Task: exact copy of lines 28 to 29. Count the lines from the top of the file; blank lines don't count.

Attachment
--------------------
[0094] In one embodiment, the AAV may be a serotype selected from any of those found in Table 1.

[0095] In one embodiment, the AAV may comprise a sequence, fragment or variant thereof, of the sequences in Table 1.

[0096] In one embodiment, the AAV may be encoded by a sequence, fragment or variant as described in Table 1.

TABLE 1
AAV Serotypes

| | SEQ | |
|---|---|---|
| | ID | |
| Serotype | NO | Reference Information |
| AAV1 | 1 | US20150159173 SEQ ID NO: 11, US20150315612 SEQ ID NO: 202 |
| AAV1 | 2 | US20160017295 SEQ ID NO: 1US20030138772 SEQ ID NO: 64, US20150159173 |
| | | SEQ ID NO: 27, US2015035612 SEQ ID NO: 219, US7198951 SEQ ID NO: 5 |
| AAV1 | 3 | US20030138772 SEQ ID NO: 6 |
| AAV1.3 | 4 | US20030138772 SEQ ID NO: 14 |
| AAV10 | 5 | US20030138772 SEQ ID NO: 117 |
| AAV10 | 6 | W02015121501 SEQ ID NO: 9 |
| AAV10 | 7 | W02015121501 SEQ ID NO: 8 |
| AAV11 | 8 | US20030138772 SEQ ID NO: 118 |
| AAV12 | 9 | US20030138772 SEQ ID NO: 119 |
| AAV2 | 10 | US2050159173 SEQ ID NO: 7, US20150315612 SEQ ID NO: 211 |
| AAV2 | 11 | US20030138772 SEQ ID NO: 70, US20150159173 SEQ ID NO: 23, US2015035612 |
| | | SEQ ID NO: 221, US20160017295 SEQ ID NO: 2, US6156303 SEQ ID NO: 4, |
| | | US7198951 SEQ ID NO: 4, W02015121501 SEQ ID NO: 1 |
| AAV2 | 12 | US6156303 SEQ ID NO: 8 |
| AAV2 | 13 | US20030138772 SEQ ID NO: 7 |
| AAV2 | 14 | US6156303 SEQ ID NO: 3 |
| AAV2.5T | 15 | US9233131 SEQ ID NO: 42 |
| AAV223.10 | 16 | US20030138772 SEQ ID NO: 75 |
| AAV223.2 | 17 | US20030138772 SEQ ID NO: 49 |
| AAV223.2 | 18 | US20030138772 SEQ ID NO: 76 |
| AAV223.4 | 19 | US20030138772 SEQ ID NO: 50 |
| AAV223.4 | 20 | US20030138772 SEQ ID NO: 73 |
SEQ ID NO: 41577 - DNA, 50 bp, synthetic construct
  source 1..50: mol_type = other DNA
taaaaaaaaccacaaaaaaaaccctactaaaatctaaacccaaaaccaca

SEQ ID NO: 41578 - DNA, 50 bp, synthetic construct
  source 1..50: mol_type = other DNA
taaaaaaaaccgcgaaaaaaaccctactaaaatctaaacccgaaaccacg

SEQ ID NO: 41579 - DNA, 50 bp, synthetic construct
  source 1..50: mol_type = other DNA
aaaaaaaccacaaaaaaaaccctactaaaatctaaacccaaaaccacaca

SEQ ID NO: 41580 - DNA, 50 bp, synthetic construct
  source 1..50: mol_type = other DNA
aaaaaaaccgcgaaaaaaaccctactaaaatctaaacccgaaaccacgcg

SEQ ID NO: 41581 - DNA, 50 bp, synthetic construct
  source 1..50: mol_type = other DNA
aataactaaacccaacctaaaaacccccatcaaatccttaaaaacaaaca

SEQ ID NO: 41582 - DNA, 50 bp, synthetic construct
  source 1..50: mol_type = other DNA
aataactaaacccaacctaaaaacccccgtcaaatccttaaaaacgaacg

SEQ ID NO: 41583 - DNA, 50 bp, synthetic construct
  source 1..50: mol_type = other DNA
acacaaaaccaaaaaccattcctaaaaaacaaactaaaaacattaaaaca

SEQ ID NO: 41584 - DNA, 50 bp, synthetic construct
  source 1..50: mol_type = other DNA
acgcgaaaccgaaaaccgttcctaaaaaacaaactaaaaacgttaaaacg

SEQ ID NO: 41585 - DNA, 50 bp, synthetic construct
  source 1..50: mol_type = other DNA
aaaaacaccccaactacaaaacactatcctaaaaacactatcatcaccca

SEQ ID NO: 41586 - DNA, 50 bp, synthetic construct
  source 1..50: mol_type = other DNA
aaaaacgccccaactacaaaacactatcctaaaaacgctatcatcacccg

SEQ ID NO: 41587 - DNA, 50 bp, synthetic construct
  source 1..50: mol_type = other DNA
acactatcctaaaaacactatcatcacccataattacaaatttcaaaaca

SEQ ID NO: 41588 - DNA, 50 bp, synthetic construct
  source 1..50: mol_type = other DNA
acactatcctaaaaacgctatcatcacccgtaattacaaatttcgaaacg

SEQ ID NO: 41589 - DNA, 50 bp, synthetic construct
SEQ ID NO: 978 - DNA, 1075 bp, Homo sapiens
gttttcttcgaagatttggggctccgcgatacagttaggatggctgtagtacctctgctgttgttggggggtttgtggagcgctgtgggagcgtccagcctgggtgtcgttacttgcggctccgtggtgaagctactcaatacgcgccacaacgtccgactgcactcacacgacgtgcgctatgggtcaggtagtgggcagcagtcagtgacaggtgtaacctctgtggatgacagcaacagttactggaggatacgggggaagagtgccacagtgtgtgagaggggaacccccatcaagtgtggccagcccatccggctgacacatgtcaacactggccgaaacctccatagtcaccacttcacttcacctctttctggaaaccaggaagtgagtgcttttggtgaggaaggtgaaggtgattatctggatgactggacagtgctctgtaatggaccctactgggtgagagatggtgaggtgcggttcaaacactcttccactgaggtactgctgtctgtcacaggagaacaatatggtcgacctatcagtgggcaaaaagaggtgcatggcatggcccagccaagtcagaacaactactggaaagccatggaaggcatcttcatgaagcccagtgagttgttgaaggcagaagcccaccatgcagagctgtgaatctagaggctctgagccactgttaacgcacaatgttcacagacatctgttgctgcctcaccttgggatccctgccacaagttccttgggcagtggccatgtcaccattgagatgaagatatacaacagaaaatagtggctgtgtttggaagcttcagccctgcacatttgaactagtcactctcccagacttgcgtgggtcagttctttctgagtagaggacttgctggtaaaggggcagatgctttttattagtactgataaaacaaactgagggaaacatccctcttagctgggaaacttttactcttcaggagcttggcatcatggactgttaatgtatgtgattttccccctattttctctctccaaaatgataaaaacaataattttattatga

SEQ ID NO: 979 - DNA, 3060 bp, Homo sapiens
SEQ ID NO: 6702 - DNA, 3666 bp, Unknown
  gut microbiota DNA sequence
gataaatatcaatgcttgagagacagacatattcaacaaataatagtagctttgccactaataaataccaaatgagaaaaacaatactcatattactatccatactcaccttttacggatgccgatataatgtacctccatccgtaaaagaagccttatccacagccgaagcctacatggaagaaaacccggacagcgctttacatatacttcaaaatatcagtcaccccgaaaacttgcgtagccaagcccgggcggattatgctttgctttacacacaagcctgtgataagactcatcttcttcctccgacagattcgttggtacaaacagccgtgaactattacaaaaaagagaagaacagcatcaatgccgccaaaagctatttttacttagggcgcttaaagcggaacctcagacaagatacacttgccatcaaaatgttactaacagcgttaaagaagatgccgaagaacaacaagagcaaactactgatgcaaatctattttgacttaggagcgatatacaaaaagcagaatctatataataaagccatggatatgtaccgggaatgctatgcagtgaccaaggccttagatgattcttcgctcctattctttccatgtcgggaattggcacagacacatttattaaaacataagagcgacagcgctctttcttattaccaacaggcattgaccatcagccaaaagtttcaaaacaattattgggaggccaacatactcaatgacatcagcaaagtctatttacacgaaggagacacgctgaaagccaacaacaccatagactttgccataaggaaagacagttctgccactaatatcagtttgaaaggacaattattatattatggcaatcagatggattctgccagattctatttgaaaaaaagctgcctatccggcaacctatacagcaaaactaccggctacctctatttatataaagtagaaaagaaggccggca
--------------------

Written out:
| AAV223.10 | 16 | US20030138772 SEQ ID NO: 75 |
| AAV223.2 | 17 | US20030138772 SEQ ID NO: 49 |